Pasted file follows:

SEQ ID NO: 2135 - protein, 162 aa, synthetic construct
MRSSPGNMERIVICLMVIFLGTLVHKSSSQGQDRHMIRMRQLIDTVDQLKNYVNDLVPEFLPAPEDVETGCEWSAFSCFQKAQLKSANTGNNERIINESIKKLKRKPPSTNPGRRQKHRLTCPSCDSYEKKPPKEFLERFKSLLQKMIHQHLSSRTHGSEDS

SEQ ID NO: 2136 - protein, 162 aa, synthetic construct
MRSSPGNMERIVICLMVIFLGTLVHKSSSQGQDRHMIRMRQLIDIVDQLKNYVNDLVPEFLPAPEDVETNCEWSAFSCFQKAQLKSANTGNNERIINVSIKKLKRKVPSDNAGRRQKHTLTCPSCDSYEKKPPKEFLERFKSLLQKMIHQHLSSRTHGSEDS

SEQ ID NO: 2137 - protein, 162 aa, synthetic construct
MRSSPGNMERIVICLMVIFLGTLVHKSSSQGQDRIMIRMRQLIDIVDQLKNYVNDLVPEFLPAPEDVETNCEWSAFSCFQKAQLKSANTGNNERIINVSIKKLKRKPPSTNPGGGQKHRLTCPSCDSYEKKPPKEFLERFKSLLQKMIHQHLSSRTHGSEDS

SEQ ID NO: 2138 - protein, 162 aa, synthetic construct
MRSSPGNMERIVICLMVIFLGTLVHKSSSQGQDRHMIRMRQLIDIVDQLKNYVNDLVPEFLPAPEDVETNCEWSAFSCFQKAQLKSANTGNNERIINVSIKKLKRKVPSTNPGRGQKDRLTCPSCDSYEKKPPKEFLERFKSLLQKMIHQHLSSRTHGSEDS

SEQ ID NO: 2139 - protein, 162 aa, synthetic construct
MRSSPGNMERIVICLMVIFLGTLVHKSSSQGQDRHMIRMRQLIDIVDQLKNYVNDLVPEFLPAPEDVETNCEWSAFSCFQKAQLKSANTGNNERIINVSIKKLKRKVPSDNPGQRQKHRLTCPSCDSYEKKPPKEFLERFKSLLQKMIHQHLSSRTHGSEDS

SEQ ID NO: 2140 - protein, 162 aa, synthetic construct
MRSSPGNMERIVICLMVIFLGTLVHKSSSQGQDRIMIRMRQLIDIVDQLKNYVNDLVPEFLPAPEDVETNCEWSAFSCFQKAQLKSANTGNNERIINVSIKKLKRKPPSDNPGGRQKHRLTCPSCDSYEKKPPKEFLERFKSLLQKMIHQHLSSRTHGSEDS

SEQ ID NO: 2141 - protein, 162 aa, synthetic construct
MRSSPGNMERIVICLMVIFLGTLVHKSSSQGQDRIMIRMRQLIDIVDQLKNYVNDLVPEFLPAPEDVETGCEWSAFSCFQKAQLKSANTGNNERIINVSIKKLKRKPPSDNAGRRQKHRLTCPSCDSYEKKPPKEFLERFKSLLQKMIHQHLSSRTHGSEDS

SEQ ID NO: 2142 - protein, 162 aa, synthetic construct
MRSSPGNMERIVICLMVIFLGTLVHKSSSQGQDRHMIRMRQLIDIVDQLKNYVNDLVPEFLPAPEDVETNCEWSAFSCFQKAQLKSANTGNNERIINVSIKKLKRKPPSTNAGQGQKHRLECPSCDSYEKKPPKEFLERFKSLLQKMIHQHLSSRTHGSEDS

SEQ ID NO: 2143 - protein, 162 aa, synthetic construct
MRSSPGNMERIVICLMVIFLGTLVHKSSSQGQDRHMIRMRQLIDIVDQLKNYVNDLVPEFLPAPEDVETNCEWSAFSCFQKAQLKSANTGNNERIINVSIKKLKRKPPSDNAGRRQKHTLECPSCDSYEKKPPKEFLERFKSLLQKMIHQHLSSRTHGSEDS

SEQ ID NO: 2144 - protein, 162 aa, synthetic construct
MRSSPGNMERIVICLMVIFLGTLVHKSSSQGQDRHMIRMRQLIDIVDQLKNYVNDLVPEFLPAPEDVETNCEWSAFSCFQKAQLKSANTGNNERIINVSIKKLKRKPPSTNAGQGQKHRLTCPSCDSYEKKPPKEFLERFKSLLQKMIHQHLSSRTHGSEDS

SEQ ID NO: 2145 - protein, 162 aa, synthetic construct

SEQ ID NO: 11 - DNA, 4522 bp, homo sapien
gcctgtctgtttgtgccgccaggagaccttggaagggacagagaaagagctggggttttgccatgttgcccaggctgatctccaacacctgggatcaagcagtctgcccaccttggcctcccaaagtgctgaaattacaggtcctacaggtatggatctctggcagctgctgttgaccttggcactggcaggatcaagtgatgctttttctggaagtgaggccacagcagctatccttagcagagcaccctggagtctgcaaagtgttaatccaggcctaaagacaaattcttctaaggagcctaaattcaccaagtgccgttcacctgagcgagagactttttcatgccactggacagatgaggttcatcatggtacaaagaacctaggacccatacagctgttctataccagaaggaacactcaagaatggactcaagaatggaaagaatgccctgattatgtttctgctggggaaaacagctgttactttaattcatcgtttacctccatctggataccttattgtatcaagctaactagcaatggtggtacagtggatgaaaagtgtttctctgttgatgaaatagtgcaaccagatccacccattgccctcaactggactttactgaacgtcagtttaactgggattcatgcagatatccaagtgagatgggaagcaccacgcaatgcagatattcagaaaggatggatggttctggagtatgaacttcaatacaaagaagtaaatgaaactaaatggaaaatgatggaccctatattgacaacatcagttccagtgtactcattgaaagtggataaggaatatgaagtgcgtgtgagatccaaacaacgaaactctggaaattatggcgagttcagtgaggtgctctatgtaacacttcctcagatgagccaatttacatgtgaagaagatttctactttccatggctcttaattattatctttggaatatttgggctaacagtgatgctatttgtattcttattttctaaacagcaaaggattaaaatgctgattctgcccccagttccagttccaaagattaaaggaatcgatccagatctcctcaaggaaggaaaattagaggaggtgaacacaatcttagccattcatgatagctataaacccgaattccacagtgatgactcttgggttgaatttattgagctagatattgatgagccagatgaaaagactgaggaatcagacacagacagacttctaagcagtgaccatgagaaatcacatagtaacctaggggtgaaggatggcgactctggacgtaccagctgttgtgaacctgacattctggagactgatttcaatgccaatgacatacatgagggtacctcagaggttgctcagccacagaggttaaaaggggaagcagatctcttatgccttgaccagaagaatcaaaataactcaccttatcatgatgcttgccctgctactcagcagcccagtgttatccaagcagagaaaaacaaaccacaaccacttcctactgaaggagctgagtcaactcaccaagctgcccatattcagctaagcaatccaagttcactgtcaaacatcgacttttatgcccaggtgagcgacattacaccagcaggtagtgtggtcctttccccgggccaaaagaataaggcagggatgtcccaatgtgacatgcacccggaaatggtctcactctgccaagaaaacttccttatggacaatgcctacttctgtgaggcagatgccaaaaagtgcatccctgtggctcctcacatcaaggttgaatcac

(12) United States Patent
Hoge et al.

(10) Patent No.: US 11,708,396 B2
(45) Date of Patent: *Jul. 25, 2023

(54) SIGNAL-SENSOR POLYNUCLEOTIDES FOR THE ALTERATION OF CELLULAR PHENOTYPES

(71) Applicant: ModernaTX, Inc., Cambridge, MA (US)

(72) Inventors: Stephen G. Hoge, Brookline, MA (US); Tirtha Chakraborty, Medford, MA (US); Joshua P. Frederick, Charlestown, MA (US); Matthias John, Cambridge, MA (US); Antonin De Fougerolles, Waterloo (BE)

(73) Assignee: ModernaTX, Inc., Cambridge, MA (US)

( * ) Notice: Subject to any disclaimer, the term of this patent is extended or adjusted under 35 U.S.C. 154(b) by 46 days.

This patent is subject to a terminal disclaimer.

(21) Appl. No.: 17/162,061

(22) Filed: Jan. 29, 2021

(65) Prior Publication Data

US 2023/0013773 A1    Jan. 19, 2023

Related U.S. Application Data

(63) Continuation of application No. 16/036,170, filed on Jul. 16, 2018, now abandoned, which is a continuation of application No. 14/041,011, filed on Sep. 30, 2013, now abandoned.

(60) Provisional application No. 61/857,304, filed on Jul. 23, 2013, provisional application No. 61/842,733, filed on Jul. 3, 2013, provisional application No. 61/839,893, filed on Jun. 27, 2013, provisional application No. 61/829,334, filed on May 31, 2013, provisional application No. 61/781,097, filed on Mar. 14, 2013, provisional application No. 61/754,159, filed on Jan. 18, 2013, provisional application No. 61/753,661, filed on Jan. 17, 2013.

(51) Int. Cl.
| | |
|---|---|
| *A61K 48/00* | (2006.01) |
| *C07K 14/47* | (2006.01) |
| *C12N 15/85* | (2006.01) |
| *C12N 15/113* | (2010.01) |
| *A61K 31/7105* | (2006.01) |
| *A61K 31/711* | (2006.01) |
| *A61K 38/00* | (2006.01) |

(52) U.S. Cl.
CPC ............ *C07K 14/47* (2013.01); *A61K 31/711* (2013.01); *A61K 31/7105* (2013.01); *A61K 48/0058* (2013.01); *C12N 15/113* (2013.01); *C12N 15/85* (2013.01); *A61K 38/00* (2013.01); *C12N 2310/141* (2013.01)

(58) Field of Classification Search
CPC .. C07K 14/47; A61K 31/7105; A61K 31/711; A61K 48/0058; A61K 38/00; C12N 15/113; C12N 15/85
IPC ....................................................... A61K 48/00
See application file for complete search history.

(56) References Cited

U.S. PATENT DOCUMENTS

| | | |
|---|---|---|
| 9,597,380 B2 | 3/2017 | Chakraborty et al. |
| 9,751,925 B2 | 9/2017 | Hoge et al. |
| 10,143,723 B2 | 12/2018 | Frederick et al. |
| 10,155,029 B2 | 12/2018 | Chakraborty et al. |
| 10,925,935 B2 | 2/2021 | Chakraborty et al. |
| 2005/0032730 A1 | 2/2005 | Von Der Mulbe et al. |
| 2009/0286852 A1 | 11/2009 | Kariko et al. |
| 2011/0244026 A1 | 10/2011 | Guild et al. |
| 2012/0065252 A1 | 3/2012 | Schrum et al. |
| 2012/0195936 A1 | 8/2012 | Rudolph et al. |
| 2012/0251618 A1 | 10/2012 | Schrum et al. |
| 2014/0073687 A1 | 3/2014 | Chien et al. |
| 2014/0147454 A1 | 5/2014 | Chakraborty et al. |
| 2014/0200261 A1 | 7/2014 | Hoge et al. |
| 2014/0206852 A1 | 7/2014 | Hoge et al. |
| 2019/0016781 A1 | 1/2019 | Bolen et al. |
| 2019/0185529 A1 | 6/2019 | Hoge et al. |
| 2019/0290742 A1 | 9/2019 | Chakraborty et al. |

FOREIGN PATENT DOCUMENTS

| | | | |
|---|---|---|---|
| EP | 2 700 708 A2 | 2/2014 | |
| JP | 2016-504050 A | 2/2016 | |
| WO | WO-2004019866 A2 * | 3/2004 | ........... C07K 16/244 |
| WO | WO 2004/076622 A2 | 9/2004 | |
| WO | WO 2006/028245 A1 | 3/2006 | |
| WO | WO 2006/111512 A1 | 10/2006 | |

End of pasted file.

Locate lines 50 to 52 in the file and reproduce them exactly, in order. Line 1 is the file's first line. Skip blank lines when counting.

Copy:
| *A61K 38/00* | (2006.01) |

(52) U.S. Cl.
CPC ............ *C07K 14/47* (2013.01); *A61K 31/711* (2013.01); *A61K 31/7105* (2013.01); *A61K 48/0058* (2013.01); *C12N 15/113* (2013.01); *C12N 15/85* (2013.01); *A61K 38/00* (2013.01); *C12N 2310/141* (2013.01)